Which Victims Do You Believe?

Yet another mainstream figure bites the dust — Matt Lauer of morning news fame whose performance only matter to mmmeeeEEE when he interviewed Larry David; I just can’t figure out any of the appeal of morning network news. Once again, women have come forward to accuse Lauer of inappropriate sexual behavior. NBC executives believed the women. And so Lauer loses his job.

What I can’t understand is the willingness of business, political, and journalistic authorities to believe what is generally one person’s word against another. This is not an opinion based on male privilege. It’s a legal reality hammered home by the Netflix series, The Keepers, in which Baltimore prosecutors and Roman Catholic Archdiocese officials were unwilling to believe the testimony of women who came forward almost 30 years later to accuse a specific priest of molesting them (and setting up meetings for other priests and police). No priest lost his standing (though a trip outside the country swept the controversy under the proverbial rug for a time). The reason as one of Baltimore’s States Attorneys explained was that the testimony of one person — even if memories were credible — was insufficient to start the engine of prosecution. (Of course, what is liable to prosecution in a court of law is not the same as public opinion or the rules of private employers.)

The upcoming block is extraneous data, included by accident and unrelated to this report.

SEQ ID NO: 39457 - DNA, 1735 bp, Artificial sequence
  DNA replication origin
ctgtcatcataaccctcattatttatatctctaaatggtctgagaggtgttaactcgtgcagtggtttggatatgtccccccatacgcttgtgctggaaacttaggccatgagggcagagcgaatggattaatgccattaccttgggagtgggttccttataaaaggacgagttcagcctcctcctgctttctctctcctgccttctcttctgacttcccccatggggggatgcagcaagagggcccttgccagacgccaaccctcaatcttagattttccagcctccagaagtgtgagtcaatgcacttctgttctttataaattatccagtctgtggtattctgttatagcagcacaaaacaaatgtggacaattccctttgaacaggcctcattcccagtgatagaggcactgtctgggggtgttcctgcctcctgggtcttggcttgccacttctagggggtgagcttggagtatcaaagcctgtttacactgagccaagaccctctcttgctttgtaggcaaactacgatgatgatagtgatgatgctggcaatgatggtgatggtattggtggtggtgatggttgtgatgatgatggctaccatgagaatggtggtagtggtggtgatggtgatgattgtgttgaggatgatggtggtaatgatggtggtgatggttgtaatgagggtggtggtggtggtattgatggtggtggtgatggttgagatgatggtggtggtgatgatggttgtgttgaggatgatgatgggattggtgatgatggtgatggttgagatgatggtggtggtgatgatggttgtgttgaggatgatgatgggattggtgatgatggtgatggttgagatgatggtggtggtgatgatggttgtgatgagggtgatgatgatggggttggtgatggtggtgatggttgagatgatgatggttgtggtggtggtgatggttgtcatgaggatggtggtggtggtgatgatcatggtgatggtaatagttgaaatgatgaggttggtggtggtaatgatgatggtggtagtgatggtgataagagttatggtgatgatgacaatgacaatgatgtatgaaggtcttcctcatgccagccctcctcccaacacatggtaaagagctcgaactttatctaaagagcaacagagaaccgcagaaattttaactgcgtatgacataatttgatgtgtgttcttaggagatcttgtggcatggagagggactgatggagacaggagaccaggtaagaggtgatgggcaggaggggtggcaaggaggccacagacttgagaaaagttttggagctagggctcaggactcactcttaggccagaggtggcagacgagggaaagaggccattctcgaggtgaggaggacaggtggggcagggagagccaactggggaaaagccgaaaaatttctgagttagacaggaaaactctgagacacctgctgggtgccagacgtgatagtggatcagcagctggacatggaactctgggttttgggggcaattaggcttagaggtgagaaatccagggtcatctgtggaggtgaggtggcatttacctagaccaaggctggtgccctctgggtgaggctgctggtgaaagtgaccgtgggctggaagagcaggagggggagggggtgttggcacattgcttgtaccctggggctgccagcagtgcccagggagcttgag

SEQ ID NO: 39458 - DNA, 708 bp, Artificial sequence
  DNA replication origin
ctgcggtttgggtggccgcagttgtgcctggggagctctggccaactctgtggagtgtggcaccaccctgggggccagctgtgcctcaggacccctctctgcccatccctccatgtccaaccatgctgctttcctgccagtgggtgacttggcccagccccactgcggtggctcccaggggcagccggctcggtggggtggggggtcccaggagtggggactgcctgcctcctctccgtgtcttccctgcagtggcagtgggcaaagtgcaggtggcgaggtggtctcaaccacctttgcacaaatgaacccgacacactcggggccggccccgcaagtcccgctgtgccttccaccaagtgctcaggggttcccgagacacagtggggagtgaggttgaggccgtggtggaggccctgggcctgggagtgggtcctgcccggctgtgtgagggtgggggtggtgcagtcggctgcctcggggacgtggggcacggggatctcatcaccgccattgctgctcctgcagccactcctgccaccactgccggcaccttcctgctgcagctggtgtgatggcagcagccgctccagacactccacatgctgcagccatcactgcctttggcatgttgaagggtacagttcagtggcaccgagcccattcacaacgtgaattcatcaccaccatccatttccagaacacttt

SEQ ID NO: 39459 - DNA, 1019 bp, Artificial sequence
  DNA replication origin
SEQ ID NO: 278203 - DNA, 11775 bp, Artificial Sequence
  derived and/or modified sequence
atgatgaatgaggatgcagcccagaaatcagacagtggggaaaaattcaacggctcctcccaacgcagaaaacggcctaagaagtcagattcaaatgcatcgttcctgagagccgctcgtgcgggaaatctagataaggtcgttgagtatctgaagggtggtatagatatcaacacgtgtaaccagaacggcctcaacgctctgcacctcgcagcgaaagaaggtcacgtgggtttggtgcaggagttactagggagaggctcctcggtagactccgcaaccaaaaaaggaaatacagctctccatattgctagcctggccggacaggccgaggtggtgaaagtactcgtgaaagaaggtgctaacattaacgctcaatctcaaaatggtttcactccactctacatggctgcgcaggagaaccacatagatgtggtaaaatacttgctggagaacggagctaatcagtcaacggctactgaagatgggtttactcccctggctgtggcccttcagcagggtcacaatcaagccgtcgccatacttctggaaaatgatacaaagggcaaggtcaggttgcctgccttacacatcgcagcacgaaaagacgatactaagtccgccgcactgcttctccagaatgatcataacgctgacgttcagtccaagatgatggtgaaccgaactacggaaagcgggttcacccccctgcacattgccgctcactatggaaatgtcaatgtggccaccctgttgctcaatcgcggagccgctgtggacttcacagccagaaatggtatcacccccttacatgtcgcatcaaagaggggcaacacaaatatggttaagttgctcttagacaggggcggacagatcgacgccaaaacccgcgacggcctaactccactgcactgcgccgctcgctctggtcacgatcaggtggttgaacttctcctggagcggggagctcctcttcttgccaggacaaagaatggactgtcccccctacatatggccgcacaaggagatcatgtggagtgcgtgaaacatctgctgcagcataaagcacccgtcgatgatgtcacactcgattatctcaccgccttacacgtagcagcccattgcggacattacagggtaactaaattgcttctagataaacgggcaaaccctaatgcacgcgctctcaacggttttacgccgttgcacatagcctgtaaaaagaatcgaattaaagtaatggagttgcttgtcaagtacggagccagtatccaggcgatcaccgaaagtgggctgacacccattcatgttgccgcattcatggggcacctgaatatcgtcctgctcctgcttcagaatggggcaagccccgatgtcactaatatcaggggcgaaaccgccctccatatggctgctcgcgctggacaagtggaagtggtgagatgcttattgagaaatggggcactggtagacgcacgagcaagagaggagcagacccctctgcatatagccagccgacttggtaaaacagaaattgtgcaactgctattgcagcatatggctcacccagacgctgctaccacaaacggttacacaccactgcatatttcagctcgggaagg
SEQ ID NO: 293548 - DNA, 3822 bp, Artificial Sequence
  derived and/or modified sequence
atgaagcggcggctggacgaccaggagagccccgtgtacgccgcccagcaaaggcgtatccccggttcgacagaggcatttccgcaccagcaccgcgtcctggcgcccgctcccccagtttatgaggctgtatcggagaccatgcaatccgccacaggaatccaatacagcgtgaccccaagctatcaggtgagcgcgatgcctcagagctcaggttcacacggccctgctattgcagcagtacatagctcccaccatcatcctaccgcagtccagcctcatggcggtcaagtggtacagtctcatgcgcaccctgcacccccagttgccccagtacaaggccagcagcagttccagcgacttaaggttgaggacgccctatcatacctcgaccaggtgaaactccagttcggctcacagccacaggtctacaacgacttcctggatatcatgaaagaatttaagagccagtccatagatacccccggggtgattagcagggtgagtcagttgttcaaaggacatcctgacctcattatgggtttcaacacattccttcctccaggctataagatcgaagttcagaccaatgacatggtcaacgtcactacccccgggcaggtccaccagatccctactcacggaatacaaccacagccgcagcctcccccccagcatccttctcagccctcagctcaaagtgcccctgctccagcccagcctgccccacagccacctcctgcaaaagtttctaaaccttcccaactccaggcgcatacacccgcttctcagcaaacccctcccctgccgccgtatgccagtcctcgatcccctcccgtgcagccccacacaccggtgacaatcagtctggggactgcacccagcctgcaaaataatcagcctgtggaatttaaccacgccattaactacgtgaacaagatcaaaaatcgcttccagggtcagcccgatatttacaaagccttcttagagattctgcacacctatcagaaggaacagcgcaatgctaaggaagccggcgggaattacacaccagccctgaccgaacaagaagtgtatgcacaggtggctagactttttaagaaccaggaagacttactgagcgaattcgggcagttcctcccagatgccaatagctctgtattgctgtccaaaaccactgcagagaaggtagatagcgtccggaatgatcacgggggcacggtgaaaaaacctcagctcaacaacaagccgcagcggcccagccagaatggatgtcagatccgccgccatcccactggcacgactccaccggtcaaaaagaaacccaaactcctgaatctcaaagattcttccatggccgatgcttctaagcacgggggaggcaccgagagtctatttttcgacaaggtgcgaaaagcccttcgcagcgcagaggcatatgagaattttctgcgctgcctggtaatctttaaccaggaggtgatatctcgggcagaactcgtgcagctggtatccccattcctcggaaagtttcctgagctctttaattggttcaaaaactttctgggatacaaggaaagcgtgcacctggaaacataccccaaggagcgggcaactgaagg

So what happened only six months after The Keepers was gaining some attention from video streamers?

And imagine writing today what one author did about the documentary series when it appeared:

How can anyone believe this?

The central thesis of The Keepers is that an alleged abusive priest, the now-deceased Rev. Joseph Maskell, can be tied to the disappearance and murder of Sr. Cathy. However, some of the central accusers in all of this, who claim that Maskell sexually abused them when they were young girls, have quite a bit of explaining to do.

For example, in 1995, a woman named Jean Wehner – whose claims play a central role in The Keepers – filed a civil lawsuit against Maskell under the name Jane Doe. What was uncovered in the course of her suit can only described as disturbing. It turns out that all of Wehner’s claims of abuse surfaced through the dangerous and discredited practice of “repressed memory therapy.”